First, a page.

06 July 2015
Andrea Pirlo has ended his magnificent four-year stay at Juventus after officially completing a move to MLS outfit New York City.
The mercurial midfielder represents the beginning and, until now, the progression of a cycle that has seen the Bianconeri return to the top table of football in Italy and Europe. His visionary passing, pinpoint assists, spectacular goals and masterful free-kicks have been instrumental in the club’s continued rise.
Pirlo arrived in Turin in the summer of 2011. It was an exciting time for the club, with Juventus Stadium officially opening on 8 September that year. And in the first league game at the new arena it was Pirlo who set a precedent for the triumphs to come: on 11 September, just three days after the opening ceremony, it took a mere 16 minutes for the Italian to provide an ingenious assist for Stephan Lichtsteiner to fire home against Parma - a clear sign of glorious things to come.
Bianconeri supporters may have had to wait until February 2012 for Pirlo’s first goal in the fabled black and white of Juventus, but it was more than worth it. Awarded a free-kick on the edge of the area against Catania, Andrea stepped up to take it and – sure enough – had the net billowing and the stadium in raptures. It was the first of 19 goals he would score for Juventus, each one a thing of beauty, each one a jewel in his Juve crown. Pirlo has always been renowned for his ability from set-pieces and more than lived up to his reputation as he scored five of them in the 2013/14 season. Indeed, whenever the Old Lady won a free-kick in the Italian’s favourite position – central, a few yards outside of the penalty box yet not too far away from goal – the whole stadium knew what was coming next. Whether it was a curling shot, a low strike under the wall or a dipping, swerving effort, the result was often the same. Although predominantly an architect, a creator of chances for his team-mates, Pirlo was never one to shy away from a chance to shoot. He regularly stepped up with important, match-winning goals.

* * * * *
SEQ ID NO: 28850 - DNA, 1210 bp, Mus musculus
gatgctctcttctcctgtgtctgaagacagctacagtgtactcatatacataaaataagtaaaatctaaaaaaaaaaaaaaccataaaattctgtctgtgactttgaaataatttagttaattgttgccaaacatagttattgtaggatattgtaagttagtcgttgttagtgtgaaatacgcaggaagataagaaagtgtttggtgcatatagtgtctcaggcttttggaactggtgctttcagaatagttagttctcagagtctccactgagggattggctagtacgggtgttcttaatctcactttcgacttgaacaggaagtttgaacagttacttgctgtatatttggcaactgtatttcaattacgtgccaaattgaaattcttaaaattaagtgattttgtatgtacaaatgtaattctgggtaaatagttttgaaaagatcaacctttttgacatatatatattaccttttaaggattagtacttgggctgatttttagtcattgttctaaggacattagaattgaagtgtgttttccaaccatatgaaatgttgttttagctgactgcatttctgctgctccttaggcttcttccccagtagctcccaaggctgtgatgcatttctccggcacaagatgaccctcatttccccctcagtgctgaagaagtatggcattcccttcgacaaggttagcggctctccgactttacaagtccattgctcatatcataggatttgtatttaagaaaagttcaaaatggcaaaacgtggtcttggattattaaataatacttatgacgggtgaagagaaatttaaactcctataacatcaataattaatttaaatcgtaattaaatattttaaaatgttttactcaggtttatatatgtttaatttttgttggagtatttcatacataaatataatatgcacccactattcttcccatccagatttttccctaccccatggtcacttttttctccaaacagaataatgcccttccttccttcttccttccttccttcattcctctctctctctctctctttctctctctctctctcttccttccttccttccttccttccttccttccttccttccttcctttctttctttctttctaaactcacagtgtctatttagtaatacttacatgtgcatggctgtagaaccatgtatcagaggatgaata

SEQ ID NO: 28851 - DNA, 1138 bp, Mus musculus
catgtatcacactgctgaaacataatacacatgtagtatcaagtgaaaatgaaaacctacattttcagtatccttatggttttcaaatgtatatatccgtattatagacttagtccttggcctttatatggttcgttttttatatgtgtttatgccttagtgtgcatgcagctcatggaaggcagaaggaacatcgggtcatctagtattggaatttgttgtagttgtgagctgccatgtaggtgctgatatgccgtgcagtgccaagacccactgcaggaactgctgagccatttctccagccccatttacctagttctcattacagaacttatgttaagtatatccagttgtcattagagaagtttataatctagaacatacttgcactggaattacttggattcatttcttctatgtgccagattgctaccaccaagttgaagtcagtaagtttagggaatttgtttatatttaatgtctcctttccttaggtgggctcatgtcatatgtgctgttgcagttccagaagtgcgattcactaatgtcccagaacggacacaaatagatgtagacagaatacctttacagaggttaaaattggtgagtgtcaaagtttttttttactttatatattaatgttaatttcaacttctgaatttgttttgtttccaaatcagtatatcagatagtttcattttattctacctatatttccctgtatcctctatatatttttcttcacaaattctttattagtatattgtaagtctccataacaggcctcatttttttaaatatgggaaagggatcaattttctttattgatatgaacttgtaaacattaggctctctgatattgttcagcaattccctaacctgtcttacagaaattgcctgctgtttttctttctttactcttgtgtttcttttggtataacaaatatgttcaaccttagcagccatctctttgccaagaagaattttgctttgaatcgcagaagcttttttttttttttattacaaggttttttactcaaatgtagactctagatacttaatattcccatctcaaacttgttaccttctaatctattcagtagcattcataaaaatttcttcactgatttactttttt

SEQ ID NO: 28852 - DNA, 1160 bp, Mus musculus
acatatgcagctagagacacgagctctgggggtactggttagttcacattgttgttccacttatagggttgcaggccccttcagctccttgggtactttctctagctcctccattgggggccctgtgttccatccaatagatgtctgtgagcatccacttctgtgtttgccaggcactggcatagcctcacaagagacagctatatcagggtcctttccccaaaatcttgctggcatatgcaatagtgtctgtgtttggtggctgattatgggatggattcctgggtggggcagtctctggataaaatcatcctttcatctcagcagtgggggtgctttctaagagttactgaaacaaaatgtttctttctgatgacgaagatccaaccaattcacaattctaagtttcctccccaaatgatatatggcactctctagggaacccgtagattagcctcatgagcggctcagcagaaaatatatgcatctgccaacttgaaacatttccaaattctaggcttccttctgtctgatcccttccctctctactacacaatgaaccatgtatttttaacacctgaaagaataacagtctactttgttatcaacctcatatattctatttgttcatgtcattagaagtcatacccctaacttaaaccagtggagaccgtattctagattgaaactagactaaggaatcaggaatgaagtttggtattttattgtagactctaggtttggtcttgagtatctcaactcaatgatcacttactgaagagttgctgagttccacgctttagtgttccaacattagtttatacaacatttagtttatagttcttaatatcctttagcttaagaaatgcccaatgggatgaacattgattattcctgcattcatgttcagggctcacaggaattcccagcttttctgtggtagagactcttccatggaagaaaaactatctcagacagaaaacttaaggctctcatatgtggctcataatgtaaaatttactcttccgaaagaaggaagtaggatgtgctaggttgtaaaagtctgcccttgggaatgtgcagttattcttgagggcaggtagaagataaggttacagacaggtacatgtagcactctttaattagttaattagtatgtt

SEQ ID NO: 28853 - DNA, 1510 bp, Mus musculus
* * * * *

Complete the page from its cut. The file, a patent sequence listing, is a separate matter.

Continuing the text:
In March 2014, Pirlo scored two stunning free-kicks in the space of five days to strengthen his Bianconeri legend. On 16 March, an 89th-minute set-piece against Genoa at the Stadio Luigi Ferraris gave Juve a 1-0 win and helped them on their way to that year’s record-breaking Scudetto triumph. Then, on 20 March, Pirlo fired home another late free-kick to send his side into the Europa League quarter-finals at the expense of Fiorentina.
You see, there’s not much that rattles Pirlo (lest we forget the #PirloIsNotImpressed craze). He certainly kept a cool head in the final throes of the thrilling Turin derby at Juventus Stadium in November 2014. With precisely six seconds of added time remaining, Pirlo drifted undetected into a prime shooting position, received the ball from Arturo Vidal and guided an unstoppable strike towards the bottom corner of the net and into the Derby della Mole history books.
Yet despite all of this, despite his 164 appearances, 19 goals (15 of which were free-kicks) 35 assists and seven trophies, Pirlo is a player – a man – who could never be summed up with mere statistics.
Pirlo is silent charisma, the steadying hand in the middle of the park, the dummy that undoes the opposition defence. He’s that unexpected ball that splits the game wide open, the lofted pass that brings a team to its knees.
It has been an honour and a privilege to have shared these four fantastic seasons with Andrea and all associated with Juventus Football Club wish him the very best for the future.
Thanks for everything, Maestro, and good luck.